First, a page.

Tag Archives: wounded

From Whom All Healing Comes

Then Judas Iscariot, one of the Twelve, went to the chief priests to betray Jesus to them. They were delighted to hear this and promised to give him money. So he watched for an opportunity to hand him over.  Mark 14:43-46

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My ministry brings me into contact with a good number of people who have felt wounded by the church.  God seems to have given me the awesome assignment of being an encourager and exhorter to those people.  I co-authored a book with Debbie Taylor Williams aimed specifically at the pain of these same dear friends: “Trusting God’s People…Again”.  It is on my mind this week, because I will be speaking from it the next two Sunday evenings at my church.

Being hurt by the church is by no means a unique experience.  The statistics of those who feel injured by the church are pretty overwhelming!  But the pain itself, the feelings of betrayal by God’s own people…those feelings are definitely unique to these circumstances.  Being hurt by the church is just not comparable to any other pain…not really.  It is a deep and lasting pain of being wounded by the very place which should be the safest place in the world for us.  The healing process, therefore, is likewise pretty profound.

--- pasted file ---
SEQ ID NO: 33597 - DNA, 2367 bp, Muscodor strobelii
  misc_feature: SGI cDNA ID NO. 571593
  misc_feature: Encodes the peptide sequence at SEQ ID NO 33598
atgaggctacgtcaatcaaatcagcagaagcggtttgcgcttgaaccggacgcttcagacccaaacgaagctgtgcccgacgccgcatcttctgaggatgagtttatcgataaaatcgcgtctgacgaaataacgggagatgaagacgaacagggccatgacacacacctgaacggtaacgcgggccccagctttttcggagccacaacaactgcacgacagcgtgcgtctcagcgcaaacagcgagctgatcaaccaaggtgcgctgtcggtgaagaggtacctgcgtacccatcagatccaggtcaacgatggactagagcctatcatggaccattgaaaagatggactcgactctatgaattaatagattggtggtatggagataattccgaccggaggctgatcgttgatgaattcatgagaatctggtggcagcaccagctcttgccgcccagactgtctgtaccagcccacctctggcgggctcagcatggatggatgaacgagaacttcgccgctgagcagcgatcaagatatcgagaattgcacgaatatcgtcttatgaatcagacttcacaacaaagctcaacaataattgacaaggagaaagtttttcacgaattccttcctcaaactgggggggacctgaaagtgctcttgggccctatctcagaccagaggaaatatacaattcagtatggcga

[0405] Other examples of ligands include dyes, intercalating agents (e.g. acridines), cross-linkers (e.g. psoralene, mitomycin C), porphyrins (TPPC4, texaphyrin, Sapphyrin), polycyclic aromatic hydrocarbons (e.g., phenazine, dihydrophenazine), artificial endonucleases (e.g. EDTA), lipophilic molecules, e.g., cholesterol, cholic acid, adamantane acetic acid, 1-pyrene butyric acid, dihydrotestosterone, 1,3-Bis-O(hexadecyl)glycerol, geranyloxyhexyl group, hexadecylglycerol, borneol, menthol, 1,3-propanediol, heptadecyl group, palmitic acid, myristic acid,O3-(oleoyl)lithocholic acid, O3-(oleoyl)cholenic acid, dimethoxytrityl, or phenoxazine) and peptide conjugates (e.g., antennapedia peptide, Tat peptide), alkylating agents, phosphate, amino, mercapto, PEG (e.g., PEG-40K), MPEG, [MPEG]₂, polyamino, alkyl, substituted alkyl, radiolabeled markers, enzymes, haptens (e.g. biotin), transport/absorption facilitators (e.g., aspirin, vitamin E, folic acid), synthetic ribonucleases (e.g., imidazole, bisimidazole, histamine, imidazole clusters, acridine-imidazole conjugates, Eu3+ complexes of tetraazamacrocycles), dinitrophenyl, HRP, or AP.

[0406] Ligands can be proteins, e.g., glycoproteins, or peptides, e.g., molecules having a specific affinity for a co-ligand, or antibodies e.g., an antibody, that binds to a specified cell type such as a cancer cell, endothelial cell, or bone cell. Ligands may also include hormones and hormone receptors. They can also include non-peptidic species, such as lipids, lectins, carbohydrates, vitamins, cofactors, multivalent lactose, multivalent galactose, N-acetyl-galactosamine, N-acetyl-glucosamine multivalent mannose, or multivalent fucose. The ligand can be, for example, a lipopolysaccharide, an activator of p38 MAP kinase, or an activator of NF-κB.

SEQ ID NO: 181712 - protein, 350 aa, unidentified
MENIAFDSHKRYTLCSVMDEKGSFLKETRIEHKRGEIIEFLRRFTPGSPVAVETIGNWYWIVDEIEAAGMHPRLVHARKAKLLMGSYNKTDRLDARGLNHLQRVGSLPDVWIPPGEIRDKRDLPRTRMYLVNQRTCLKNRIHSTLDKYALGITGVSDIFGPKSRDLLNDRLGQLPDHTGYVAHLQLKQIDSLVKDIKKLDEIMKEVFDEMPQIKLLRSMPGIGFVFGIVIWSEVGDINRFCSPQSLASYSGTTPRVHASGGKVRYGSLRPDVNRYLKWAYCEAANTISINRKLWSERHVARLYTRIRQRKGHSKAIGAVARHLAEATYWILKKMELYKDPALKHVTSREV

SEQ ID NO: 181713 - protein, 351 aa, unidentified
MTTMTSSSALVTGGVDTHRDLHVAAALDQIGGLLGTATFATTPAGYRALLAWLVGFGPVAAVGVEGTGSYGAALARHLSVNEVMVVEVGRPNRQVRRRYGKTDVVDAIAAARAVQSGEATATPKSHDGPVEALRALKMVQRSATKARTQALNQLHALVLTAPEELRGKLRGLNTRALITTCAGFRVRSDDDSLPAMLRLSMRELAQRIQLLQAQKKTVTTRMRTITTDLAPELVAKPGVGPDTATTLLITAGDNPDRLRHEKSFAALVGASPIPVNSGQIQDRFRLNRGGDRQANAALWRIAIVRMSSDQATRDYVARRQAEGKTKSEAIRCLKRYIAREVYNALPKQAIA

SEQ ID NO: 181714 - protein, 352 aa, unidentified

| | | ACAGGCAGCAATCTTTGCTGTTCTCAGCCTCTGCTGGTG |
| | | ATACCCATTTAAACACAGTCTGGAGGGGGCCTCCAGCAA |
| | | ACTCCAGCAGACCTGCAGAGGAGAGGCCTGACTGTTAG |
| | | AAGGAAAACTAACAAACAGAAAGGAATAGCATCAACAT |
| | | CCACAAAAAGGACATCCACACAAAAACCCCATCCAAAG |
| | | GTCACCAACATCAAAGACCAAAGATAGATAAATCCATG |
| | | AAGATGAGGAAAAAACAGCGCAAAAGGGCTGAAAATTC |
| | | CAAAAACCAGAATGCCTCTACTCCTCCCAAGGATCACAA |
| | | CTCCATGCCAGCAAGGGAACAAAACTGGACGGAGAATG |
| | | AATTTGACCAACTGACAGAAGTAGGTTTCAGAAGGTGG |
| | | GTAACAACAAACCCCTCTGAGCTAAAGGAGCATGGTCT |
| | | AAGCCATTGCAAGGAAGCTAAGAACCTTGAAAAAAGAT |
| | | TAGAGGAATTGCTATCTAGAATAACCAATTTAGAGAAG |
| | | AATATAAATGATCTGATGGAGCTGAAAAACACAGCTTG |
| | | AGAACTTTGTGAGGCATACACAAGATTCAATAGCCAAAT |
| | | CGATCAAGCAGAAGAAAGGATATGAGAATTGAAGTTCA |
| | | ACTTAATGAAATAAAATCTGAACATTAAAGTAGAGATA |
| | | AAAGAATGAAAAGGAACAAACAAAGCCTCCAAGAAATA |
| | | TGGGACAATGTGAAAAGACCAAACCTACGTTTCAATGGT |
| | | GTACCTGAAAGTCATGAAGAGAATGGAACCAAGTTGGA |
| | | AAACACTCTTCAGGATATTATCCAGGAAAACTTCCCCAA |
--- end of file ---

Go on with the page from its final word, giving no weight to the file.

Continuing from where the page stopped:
The good news is this: the One administering the healing from this pain knows all about it from personal experience.  That makes a big difference!  Here is the way I describe it in the book:

THE NATURE OF PAIN / THE PROCESS OF HEALING

Like physical pain, emotional or spiritual pain can be incapacitating.  When your leg is broken, no matter how much you want to walk on it, no matter how important walking might be to you, you simply cannot do it.  A healing process must take

Pain and Failure as Keys to Community

Tuesday Re-mix –

“Two men owed money to a certain moneylender. One owed him five hundred denarii,and the other fifty. Neither of them had the money to pay him back, so he canceled the debts of both. Now which of them will love him more?”

Simon replied, “I suppose the one who had the bigger debt canceled.”
“You have judged correctly,” Jesus said.